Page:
8

I am an american, and I'm new to watching professional soccer. Sometimes I've heard the term 'inverted winger', while paying close attention to context, I cannot make out what it means.

6

The answer LifeHacks gave is correct but somewhat incomplete. What you are asking is a winger that plays on the "wrong" side judging by the foot preference.

Typically you'd want a left-footed player to play on the left side and a right footed player to be on the right side. Mainly because you would typically use the inside of the foot to cross the ball, as the inside of the foot gives more control on the flight path of the ball. If this does not make sense to you right away, consider the following:

  1. how does the ball path look like when a crossball is "cut" with the inside (here are two nice examples by beckham: ex1 ex2) or outside (here's one such cross and one shot from Queresma) of the foot? In short, the flight path of the ball is towards the goalkeeper if you cross with the outside of your foot (assuming right foot, right wing or left foot left wing).

  2. Can you pass/cross the ball in, with the outside of the boot, whilst running at high pace? The answer is "most likely not" if you are playing on the wing same side as your dominant foot, simply based on the orientation of your body relative to the ball and to the players inside the box to whom you intend to cross the ball.

Both of these observations are valid when a player plays on the "right" wing as their dominant foot. If you for example put a right footed player on the left wing, you could in theory gain the following advantages:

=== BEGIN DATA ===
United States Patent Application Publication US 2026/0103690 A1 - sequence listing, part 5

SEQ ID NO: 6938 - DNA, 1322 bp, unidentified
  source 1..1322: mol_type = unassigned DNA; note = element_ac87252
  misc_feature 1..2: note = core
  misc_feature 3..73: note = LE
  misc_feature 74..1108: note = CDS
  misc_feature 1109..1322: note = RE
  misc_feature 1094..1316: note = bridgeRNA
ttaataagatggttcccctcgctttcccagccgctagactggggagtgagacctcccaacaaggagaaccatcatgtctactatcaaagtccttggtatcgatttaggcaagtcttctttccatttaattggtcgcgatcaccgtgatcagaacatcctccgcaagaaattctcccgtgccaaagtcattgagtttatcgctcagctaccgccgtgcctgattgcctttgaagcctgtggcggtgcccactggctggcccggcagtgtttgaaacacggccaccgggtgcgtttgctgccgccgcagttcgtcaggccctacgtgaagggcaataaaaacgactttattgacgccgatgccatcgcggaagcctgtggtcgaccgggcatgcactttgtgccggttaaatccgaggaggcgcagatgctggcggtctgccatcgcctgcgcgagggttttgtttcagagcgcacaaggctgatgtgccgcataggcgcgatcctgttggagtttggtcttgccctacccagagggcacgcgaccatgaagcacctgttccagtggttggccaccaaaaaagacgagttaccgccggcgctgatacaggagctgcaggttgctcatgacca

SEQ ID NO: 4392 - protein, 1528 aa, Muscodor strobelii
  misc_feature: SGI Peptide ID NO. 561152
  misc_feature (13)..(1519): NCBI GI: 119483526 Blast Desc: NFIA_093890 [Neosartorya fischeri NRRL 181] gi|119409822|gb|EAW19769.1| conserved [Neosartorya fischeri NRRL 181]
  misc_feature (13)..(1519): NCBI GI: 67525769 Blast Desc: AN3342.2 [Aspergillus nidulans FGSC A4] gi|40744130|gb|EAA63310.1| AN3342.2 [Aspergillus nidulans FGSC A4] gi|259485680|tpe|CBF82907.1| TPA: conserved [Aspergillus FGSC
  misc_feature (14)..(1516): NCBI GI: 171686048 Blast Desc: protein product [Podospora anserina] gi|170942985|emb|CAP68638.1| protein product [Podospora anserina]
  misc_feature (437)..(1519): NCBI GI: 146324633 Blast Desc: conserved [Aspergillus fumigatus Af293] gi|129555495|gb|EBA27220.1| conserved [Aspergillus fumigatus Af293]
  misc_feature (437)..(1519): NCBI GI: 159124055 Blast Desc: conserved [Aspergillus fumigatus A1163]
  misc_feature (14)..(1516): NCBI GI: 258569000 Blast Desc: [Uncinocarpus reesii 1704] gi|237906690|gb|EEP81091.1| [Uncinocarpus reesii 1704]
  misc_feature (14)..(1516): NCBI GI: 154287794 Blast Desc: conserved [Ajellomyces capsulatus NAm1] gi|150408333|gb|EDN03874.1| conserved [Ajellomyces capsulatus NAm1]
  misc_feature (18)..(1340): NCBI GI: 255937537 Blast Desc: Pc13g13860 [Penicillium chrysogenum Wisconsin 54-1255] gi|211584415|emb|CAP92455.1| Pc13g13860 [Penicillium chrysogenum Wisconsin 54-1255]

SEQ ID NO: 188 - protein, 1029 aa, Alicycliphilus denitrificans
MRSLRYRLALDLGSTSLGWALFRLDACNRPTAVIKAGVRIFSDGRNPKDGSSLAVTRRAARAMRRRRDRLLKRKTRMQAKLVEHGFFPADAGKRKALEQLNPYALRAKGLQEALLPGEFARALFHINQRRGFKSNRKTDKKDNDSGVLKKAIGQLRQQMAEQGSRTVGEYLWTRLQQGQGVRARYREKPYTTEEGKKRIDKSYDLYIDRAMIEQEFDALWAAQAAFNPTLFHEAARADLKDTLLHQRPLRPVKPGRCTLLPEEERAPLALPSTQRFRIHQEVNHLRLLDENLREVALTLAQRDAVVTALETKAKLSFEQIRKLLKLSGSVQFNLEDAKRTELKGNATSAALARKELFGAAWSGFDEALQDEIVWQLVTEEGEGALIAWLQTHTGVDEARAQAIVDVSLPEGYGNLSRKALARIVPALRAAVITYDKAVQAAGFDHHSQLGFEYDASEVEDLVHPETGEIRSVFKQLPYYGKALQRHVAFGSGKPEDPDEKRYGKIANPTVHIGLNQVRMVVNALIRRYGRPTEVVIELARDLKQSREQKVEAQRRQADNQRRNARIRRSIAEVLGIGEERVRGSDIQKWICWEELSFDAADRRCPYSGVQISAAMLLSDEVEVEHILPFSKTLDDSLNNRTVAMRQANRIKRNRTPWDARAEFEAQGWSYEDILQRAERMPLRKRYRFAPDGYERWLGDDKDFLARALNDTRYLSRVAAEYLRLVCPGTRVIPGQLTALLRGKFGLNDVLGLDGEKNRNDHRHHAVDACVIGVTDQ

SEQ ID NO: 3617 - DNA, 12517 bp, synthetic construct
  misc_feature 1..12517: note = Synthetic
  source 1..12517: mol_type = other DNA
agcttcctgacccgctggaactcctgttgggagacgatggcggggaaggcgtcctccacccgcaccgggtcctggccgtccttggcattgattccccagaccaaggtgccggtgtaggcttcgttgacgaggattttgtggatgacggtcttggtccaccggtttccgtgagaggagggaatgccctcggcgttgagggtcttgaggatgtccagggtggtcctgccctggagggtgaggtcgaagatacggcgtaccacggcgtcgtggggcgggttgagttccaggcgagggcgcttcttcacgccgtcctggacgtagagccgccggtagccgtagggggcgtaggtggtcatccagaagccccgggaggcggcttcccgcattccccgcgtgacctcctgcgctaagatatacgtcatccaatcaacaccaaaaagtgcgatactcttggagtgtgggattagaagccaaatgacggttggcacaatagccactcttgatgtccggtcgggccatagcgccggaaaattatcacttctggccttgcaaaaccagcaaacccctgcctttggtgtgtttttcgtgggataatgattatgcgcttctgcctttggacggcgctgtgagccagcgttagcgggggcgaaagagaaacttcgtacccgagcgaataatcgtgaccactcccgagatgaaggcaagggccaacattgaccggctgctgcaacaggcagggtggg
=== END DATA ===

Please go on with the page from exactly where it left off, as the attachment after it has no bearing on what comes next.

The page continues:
• the player can cross both with the outside and the inside of the foot
  • the player can "cut in" and take dangerous shots from around the box as the ball with be on his strong side with the entire 7.35m goal in front of him.
  • instead of an trying to cut an early cross, the player can and most likely will want to go deep and dribble in towards the goal (remember where the ball is relative to his body and relative to the goal). This is actually pretty common nowadays; here's one from Arda Turan playing in Atletico Madrid who typically plays as a left winger even though he almost only uses his right foot.

Finally here's an article from the Guardian link explaining the historical aspect of wingers playing on the "wrong" side.

Hope it's more clear now

  • Watching Tottenham last year, Gareth Bale played on the right side while being left footed. Are wingers that are good scorers often played as inverted wingers? – Jerrod Dec 11 '13 at 17:44
  • 1
    @Jerrod I would argue a definitive association between a goalscoring winger and playing on the unnatural wing, but whether it is correlation or causation one cannot really say for certain. :) Generally what can be said is that playing on the opposite wing puts you in a much better position for shooting at the goal, than the natural wing (again purely based on the orientation and position of the player relative to the goal) – posdef Dec 11 '13 at 21:51
4

An inverted winger is a winger(wide player) that plays on the side of his/her weaker foot.

  • 2
    Can you provide a little more detail? – Zack Dec 11 '13 at 13:42
2

Posdef has explained in detail what an inverted winger is. However let me get into a bit more detail.

Soccer players no matter how good they are always rated by their goal-scoring ability. So there are a lot of wingers who are amazing goalscorers but will not play as total forwards as being in midfield will allow them to get more of the ball. Ex Messi, Ronaldo, Ribery, Robben. And if you see, all these players will always play as inverted wingers.

Ronaldo perhaps is the Best amongst all of these as he doesnt seem to have a weaker foot but he is not ambidextrous, so his right foot is his stronger foot and hence he tends to play on the left side of midfield so he can cut in and score goals.

Your Answer

By clicking “Post Your Answer”, you agree to our terms of service, privacy policy and cookie policy

Not the answer you're looking for? Browse other questions tagged or ask your own question.